What To Do When A Tooth Hurts

When a tooth hurts, it can usually mean one of two things. Either there is a problem with the tooth itself, most likely a due to a cavity, unless the tooth has been broken, or there is a gum problem near or around the tooth. If the problem is with the tooth, a visit to the dentist in the near future is a likely prospect. Cavities don't heal themselves, nor do  other things that may be affecting the nerve endings located in the tooth's inner pulp.

When a tooth hurts because the surrounding tissue, or the gums are inflamed, swollen, or have become infected, there are a number of steps that can be taken, not only to provide relief, but in some instances successfully treat the problem. Many people suffer from gingivitis, inflammation of the gums, a condition that is normally preventable, treatable, and curable, often through the use of proper tooth cleaning techniques, oral hygiene, and using home remedies.

Whenever a tooth hurts, whether it's something that you can treat on your own, or is something only a dentist can handle, there are nevertheless a number of different ways you can get immediate relief from the pain. The list is longer than you may think, and your choice may narrow down to a few things you are willing to put in your mouth. Not all pain relievers have a nasty taste, in fact some are quite pleasant tasting.

Ice, Pressure, And Much More - Two approaches that usually provide at least short term relief are ice packs and pressure. Ice, or something very cold tends to numb nerve endings, consequently reducing pain. Applying pressure to the painful area can often help as well, though the relief is usually quite temporary and in some cases pressure may cause even more pain. You can either press against your cheek, or in some case press against the gums with your tongue. Pressure may at least be helpful during the time you are traveling to your dentist. Another thing you can do is put a slice or chunk of chilled cucumber on the painful spot. in addition to cooling nerve endings, cucumber has other properties which can work to lessen pain. Be careful if using a chunk of cucumber not to swallow it and get it caught in your windpipe.

Peppermint and real vanilla extract work, both having pain killing or numbing properties. Whiskey works too, but only when sloshing some around in your mouth, where it serves as a mild local anesthetic. If you drink enough of it the pain may go away too, to be replaced by a headache, and probably another toothache, the next day.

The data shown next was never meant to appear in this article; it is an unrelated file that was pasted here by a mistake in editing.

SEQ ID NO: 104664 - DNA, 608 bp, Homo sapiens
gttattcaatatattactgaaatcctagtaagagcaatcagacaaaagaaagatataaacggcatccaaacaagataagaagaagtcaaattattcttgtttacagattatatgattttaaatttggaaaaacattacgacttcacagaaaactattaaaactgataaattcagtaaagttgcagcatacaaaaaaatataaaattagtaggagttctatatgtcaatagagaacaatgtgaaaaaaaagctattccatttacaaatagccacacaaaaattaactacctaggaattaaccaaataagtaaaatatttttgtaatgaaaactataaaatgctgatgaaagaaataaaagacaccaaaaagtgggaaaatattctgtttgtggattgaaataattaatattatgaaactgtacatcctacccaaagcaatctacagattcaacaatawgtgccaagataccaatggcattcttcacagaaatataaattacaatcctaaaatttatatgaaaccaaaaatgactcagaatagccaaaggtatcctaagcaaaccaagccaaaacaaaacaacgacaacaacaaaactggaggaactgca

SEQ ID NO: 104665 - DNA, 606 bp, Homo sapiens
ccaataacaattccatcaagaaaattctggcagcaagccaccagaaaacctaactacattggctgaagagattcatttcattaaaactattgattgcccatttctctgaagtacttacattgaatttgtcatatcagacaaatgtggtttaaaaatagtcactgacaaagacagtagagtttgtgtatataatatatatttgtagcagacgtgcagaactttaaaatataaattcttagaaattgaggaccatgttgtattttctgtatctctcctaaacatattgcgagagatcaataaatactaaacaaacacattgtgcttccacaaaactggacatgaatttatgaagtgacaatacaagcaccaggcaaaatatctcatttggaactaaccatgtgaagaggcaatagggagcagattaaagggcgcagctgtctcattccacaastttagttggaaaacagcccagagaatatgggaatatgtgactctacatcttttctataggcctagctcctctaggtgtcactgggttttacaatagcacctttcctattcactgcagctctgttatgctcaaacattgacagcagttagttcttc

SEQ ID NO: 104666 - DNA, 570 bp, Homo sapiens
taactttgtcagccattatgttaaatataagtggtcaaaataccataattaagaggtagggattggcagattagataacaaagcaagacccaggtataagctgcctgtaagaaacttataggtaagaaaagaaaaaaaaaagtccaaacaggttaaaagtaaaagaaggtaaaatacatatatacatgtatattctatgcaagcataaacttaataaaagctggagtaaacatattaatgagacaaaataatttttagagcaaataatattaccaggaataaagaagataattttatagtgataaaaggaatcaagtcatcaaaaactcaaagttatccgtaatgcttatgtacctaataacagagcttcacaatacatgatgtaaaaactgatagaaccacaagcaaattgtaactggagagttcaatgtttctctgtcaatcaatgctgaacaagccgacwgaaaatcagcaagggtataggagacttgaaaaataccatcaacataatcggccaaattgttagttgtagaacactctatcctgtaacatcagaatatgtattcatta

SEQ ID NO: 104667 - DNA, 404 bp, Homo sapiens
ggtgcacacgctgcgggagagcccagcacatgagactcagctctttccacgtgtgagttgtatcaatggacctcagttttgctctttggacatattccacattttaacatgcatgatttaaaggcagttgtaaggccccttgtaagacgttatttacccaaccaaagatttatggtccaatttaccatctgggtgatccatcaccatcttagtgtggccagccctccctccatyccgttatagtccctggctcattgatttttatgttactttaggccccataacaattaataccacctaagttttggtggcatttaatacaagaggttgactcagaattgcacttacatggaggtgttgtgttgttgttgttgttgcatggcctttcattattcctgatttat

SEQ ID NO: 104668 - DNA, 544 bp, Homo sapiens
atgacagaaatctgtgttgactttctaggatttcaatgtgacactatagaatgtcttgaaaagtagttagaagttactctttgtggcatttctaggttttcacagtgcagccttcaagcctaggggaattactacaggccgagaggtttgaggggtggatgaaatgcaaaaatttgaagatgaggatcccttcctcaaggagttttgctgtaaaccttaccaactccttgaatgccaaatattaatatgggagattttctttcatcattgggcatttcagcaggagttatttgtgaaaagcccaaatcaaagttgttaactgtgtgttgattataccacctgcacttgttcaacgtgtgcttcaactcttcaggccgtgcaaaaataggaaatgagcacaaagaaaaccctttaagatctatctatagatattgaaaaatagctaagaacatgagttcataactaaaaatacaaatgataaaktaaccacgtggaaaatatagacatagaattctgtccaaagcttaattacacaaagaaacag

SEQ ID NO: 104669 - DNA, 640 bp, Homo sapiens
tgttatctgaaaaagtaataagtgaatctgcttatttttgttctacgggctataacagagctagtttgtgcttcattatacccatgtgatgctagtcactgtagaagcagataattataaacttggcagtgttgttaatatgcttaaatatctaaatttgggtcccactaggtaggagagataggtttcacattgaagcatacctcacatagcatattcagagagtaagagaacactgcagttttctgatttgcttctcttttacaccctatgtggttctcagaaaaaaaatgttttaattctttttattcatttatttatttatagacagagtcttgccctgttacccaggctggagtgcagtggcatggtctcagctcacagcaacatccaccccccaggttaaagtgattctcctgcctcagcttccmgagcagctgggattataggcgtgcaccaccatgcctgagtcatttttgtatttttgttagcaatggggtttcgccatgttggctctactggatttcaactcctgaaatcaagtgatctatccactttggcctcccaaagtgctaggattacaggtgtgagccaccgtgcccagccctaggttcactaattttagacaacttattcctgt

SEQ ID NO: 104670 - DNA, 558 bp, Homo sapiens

Salt can have a soothing effect, and using a saline water mixture as a mouthwash, perhaps several times a day, can not only relieve pain, but most importantly help in the battle against irritated gums or gingivitis. Sloshing a salt water solution around in your mouth on a daily basis is not a bad habit to get into.

Cloves And H202 - Cloves have pain killing properties. If a tooth hurts, just pressing a whole clove against it should provide relief. If you only have clove in powdered form, make a thick paste of powdered clove and olive oil and pack it around the tooth. Hydrogen peroxide also works well. Hydrogen peroxide is not toxic, but is not very good tasting either, and you really don't want to swallow it though it won't hurt you. Use it as a mouthwash and then spit it out. If the taste is as bad as advertised, you can dilute it in water. It will still be effective.

A Little Dab - There are some things which if taken in sufficient amounts can be toxic or at least give you a sick feeling, but are effective pain killers. These are generally liquids which you'll only want to use a drop or two of, or soak a cotton swab with them. These include vanilla extract, almond extract, tree tea oil, and iodine. Be particularly careful if using the latter.

There are other home remedies that work as well when a tooth hurts, including a raw potato, an onion, oats, or garlic. Any one of the above however should help, at least until you can get to the dentist.